Not only does the TH30 have the same output stage as the Dual Terror, but it also shares that amplifier's variable power switching, pushing out 30, 15 or seven watts depending on the way you have the chunky half/full power and two/four output valve toggle switches set up.
This means that you can easily tailor the amp's output and headroom to suit your needs, be it getting power tube saturation at studio-friendly levels or maintaining clarity on larger club-type stages.
Build-wise, this chunky little combo looks more than tough enough to withstand the rigours of touring and it's consistent with the high manufacturing standards showcased by the updated Rockerverbs we've praised in the past.
If anything, this combo's less busy control panel looks even smarter than the RK50C - it's certainly a doddle to get one's head around, even under moody stage lighting. As with all Orange amps, the TH30 isn't exactly a shrinking violet in visual terms, but this cat really digs those funky retro stylings.
Thunder by name, thunder by nature. Despite its compact size, the TH30 is capable of making one hell of a racket. With a Fender Strat plugged in, on full power the clean channel has a three dimensional quality and bags of additional spank.
Less compressed than a Vox loaded with a quartet of EL84s, the TH30 is bold, firm and percussive. Fans of Biffy Clyro's Simon Neil will love the amp's vicious attack, but be sure to watch that fingering; it's seriously unforgiving of sloppy playing technique.
Taming the power stage by switching it down to 15 or seven watts inevitably makes for a spongier attack, but even at the lowest power setting there's a surprising amount of clean headroom available.
This is a different clean experience to the early break-up of Orange's older 30-watters such as the AD30 and Rocker 30. Of course, humbuckers make it much easier to get your growl on, but single-coil fans only need a decent overdrive stompbox in the chain to bridge the gap between the channels.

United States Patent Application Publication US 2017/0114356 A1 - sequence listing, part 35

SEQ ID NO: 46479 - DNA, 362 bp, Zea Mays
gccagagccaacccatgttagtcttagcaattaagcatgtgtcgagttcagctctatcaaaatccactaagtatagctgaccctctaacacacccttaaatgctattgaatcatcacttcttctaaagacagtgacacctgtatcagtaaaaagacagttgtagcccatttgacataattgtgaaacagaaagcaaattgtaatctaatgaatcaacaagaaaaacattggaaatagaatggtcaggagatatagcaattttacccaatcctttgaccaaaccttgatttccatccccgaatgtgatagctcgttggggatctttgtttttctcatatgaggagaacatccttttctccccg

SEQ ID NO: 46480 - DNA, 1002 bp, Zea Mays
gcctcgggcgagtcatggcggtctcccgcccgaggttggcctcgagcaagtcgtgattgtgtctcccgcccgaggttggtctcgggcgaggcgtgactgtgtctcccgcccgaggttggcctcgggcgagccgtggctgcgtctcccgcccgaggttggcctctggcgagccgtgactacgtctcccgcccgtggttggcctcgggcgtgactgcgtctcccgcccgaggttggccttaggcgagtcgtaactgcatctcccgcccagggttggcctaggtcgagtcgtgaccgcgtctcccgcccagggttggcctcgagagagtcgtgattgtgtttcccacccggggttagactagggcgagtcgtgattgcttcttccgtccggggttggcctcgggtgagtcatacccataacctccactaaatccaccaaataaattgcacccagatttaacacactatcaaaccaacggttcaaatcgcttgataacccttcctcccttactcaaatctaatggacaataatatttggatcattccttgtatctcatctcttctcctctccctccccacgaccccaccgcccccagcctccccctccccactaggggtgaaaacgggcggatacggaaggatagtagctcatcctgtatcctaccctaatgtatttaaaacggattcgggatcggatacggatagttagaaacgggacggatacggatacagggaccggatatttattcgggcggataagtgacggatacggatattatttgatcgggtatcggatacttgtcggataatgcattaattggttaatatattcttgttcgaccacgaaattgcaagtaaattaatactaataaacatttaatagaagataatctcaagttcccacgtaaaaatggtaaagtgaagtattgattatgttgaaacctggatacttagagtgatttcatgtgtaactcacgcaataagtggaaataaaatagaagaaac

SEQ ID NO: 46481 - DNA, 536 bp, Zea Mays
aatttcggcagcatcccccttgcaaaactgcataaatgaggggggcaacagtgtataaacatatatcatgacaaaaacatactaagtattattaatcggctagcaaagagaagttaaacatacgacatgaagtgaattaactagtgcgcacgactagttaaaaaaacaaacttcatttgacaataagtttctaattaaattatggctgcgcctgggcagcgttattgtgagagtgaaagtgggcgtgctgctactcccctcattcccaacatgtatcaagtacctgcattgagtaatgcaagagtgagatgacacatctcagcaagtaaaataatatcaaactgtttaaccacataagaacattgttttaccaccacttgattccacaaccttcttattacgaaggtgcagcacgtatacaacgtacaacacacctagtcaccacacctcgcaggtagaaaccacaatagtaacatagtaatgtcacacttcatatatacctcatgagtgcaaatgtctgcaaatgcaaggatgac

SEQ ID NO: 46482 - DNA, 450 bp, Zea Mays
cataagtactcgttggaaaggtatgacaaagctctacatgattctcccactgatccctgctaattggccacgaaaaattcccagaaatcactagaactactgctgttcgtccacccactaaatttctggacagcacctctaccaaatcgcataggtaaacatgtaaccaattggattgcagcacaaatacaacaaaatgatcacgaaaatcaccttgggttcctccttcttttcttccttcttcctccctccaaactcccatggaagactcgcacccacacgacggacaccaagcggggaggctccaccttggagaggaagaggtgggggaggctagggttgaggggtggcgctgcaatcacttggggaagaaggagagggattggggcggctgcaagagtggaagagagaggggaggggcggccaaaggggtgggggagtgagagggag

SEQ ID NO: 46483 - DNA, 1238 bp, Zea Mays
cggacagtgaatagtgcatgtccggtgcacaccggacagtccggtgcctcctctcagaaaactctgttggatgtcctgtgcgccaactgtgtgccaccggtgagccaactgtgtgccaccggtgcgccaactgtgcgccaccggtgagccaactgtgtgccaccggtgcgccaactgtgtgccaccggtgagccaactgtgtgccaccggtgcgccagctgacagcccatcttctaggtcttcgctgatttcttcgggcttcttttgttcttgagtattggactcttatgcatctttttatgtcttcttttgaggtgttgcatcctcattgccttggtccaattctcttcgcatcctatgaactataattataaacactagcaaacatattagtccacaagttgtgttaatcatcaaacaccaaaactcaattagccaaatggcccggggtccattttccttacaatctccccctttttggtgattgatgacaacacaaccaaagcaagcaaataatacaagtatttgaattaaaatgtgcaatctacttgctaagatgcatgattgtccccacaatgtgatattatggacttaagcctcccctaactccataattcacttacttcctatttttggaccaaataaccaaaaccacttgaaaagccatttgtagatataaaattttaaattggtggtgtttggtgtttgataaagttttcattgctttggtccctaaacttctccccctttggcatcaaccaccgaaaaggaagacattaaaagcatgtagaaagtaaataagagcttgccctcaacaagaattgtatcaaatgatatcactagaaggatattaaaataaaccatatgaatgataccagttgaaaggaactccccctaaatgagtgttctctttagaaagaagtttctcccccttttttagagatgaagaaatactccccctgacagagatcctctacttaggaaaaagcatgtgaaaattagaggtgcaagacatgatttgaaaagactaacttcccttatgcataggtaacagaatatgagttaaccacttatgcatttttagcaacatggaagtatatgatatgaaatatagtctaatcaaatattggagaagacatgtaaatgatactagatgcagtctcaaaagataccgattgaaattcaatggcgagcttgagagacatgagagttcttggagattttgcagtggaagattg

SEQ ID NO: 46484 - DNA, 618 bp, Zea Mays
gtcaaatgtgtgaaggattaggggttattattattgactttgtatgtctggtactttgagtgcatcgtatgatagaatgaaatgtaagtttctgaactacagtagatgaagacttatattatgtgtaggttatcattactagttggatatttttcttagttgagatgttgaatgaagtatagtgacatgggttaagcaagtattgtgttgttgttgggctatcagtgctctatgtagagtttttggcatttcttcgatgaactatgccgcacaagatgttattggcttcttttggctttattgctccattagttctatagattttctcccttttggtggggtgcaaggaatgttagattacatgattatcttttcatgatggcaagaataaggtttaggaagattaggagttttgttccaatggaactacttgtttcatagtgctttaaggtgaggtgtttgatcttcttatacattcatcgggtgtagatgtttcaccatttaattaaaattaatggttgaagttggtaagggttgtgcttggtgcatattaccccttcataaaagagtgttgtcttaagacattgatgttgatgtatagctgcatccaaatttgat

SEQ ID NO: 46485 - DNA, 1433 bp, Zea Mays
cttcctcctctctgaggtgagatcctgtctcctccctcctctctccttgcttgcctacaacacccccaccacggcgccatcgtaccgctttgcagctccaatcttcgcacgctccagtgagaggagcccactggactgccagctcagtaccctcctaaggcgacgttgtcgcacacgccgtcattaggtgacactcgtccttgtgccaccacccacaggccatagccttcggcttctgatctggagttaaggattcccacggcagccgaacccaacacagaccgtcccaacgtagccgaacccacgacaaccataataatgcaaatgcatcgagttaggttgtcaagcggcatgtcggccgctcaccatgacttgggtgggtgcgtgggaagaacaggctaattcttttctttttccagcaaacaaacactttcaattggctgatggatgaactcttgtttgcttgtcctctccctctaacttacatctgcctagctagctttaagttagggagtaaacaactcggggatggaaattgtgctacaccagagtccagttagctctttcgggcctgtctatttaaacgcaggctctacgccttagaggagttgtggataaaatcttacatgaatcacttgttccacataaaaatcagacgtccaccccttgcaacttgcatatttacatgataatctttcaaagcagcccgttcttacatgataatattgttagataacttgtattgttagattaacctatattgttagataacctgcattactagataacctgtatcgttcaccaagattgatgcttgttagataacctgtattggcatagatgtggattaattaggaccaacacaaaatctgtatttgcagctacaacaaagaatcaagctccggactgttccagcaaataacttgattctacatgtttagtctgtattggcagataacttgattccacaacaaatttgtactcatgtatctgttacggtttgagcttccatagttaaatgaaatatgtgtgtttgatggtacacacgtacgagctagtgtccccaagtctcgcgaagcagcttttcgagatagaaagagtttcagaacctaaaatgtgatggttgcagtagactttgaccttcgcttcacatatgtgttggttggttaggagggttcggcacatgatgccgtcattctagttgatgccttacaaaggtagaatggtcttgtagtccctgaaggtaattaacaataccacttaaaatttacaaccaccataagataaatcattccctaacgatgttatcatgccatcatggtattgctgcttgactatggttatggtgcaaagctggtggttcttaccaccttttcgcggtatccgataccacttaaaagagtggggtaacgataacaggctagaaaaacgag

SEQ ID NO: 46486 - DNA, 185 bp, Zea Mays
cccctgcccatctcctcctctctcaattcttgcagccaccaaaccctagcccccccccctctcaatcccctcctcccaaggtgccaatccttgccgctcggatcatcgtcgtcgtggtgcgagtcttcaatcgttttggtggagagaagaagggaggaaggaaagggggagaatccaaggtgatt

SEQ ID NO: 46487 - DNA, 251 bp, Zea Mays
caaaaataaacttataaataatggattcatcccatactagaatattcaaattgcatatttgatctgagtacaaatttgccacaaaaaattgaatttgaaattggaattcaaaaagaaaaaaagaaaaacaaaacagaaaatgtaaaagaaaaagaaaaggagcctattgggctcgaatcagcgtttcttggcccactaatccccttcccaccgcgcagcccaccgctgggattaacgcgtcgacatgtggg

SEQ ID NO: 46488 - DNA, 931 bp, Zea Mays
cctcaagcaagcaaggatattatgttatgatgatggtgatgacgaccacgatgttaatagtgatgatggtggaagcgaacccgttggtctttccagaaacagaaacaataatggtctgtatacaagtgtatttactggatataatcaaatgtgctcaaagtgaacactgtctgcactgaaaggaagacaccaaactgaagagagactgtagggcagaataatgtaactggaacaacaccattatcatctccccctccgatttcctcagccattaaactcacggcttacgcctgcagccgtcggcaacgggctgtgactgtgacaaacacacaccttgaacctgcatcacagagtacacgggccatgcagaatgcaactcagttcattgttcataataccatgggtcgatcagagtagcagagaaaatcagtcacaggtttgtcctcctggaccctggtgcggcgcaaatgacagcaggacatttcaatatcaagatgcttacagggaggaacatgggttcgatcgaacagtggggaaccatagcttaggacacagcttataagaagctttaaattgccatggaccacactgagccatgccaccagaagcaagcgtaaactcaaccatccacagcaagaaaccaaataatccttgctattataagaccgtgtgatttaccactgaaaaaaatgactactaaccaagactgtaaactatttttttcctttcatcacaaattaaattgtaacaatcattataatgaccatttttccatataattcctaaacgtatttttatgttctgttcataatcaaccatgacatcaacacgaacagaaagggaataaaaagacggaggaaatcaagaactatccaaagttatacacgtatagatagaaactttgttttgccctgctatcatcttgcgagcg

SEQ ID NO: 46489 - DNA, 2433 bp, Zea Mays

Over to the dirty channel then and, well, it's a beast. Don't be fooled by the spartan appearance of the control panel: the interaction of the volume, gain and that all-important shape control inherited from the Thunderverb series - essentially a mid-range EQ sweep - can take you from raunchy mid-rich blues-rock crunch through to AC/DC on steroids into full-bore scooped extreme metal territory.
The four-stage dirty preamp inherited from the Rockerverb series has colossal levels of gain and easily turns a Telecaster bridge pickup into a heavy metal monster.
With humbuckers, the full power mode keeps the bottom end tight, while the 15 and seven-watt settings introduce a little more sag and swampiness suited to grunge and heavy alternative rock sounds.
The lack of a dedicated gain control on the clean channel means that, in 30-watt mode at least, this isn't the easiest Orange to get rootsy sounds from when armed with singlecoils. However, the range, scope and quality of the tones on offer is seriously impressive, and all from just six control knobs.
Despite the stage-filling projection of its ported cabinet, the TH30 combo is compact, cute and easily portable. Throw the variable power switching into the mix and you're looking at a dangerously tempting, versatile package.